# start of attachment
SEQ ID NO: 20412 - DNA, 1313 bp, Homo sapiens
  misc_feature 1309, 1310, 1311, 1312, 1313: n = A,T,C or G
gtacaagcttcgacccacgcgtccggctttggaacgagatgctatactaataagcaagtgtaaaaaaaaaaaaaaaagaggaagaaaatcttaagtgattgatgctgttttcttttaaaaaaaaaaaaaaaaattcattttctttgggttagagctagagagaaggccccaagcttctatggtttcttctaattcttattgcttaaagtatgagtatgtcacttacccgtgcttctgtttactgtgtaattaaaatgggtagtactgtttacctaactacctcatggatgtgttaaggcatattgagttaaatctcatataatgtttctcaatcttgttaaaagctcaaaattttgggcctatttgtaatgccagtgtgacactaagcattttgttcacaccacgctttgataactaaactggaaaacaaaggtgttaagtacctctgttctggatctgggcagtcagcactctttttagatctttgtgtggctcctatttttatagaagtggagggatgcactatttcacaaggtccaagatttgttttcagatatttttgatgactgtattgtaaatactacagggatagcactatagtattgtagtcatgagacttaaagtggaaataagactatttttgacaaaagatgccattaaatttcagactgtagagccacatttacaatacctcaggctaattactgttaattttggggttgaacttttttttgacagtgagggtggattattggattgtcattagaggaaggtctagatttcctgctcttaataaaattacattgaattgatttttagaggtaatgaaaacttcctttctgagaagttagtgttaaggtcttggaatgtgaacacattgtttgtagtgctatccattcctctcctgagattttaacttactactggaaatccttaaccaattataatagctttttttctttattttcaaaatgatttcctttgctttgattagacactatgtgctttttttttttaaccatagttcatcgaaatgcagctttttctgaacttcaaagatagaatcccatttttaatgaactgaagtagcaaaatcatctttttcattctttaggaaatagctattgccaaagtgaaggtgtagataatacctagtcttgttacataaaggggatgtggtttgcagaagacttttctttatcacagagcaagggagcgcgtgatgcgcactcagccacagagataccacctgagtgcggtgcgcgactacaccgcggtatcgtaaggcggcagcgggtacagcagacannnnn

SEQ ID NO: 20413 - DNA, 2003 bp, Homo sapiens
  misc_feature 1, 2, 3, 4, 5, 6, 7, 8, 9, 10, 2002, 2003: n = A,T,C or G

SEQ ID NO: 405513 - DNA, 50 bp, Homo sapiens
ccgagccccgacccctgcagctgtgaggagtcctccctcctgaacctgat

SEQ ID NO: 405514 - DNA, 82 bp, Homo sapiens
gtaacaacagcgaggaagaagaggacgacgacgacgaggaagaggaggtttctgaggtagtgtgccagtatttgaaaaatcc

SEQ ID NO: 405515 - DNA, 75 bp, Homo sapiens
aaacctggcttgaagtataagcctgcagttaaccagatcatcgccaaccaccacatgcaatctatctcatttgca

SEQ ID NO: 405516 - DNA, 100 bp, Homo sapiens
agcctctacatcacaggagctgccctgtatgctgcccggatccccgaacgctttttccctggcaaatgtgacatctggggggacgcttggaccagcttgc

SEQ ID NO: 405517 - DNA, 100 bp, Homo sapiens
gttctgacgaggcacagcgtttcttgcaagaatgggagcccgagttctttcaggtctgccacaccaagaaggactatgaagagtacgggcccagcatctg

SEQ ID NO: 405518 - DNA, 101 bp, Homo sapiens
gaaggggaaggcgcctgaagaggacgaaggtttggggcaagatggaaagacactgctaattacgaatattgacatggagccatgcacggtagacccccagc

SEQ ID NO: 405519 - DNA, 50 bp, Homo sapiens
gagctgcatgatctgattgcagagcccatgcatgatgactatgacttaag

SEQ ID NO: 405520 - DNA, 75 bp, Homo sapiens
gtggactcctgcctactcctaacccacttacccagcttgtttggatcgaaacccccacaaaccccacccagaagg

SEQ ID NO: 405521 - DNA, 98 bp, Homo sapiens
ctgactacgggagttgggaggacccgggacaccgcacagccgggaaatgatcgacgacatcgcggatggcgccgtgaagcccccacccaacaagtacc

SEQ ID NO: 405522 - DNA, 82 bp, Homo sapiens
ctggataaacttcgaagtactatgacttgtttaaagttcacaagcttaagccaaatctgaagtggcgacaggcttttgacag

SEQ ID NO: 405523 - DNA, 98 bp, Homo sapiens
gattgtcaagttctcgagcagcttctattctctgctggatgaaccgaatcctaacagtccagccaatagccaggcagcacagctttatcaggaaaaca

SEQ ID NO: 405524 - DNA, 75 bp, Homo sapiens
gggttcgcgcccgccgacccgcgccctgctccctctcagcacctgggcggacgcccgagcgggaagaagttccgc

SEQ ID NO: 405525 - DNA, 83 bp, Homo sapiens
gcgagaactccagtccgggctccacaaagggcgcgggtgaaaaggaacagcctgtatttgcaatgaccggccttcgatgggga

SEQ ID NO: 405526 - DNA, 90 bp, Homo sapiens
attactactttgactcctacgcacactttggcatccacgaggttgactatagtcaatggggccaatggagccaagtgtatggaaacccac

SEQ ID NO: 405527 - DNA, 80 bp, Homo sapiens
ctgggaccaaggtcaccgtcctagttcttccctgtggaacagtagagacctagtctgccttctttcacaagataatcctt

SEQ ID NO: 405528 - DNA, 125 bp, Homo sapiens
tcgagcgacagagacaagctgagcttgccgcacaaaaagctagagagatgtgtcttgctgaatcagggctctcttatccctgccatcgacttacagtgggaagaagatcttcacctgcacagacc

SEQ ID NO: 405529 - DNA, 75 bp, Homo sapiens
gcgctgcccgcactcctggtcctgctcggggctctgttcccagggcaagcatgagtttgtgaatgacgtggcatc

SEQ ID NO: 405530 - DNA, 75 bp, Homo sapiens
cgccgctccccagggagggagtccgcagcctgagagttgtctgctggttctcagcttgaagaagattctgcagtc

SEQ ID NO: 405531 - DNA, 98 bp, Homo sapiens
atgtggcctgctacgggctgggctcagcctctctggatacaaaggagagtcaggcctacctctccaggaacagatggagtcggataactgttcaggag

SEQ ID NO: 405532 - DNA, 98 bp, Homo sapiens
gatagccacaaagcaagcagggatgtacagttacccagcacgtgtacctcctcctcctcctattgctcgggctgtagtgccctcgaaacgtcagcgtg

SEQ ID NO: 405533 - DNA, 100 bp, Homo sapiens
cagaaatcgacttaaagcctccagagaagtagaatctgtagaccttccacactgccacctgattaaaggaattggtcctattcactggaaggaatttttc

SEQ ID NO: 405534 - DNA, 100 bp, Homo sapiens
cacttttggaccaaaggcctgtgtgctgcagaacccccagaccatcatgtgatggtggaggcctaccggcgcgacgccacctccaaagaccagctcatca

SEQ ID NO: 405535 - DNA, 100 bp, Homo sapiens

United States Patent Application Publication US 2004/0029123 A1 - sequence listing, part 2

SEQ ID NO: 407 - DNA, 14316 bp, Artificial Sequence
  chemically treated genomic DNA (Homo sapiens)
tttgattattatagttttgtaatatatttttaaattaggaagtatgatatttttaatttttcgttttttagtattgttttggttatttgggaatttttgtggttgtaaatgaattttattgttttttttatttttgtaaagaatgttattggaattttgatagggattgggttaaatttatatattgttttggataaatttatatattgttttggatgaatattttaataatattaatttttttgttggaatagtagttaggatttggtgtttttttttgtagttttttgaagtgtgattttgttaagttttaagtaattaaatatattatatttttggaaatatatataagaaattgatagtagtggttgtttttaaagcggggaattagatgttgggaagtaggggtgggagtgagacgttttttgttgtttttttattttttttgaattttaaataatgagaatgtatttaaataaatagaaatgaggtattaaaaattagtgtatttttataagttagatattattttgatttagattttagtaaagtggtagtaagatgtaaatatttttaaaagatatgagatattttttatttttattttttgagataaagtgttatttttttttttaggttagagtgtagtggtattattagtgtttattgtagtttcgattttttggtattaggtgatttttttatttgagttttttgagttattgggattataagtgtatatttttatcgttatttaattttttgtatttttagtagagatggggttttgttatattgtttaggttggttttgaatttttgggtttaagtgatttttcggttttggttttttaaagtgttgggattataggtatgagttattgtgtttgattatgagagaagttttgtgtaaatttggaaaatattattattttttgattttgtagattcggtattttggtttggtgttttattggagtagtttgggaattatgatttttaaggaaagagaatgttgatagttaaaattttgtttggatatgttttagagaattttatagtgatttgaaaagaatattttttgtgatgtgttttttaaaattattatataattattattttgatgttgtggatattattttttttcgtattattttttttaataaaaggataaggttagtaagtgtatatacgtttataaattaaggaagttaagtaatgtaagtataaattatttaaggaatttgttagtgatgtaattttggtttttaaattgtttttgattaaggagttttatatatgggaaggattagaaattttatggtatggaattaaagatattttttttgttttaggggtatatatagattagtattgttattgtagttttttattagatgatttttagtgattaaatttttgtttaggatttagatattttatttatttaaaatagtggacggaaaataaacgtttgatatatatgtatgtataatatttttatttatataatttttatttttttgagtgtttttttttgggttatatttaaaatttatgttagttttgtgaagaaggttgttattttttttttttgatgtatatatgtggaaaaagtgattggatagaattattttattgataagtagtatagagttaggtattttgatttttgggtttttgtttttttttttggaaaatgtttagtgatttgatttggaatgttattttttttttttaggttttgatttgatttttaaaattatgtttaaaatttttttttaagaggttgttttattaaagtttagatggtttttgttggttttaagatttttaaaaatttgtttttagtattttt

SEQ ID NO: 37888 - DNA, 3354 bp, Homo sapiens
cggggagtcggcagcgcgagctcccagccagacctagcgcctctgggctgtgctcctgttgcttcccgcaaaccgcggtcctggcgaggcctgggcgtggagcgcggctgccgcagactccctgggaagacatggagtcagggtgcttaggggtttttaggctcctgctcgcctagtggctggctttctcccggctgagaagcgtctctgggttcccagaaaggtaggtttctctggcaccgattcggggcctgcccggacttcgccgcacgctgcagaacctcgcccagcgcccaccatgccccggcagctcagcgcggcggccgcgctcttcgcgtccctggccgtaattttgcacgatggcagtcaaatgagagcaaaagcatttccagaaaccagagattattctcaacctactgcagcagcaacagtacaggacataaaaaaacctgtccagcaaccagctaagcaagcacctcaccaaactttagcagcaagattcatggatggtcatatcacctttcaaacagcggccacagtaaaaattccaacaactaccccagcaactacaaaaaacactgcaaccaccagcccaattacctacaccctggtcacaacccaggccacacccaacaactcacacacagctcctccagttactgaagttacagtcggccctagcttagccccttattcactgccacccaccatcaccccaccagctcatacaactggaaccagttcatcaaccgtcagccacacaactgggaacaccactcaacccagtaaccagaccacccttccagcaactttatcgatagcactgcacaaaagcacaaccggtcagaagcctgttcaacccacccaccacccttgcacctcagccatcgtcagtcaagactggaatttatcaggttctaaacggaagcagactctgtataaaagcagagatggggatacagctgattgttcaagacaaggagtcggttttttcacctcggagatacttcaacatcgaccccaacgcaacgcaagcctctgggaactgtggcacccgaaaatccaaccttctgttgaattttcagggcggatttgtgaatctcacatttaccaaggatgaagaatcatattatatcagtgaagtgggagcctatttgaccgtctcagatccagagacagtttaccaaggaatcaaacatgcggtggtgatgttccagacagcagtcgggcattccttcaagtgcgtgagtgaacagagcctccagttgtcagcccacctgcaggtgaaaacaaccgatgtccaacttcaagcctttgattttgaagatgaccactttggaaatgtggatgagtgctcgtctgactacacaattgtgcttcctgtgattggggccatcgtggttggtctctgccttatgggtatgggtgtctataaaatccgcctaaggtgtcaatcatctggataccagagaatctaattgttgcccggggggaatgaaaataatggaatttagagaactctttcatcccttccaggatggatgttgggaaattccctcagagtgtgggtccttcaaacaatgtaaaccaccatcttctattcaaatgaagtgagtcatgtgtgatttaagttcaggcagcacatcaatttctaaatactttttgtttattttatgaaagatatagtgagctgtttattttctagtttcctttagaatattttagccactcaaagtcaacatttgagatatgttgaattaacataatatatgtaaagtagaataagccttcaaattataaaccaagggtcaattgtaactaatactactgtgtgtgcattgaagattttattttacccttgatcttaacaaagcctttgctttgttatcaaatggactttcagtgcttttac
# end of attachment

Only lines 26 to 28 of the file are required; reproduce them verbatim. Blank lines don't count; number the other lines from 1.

SEQ ID NO: 405523 - DNA, 98 bp, Homo sapiens
gattgtcaagttctcgagcagcttctattctctgctggatgaaccgaatcctaacagtccagccaatagccaggcagcacagctttatcaggaaaaca

SEQ ID NO: 405524 - DNA, 75 bp, Homo sapiens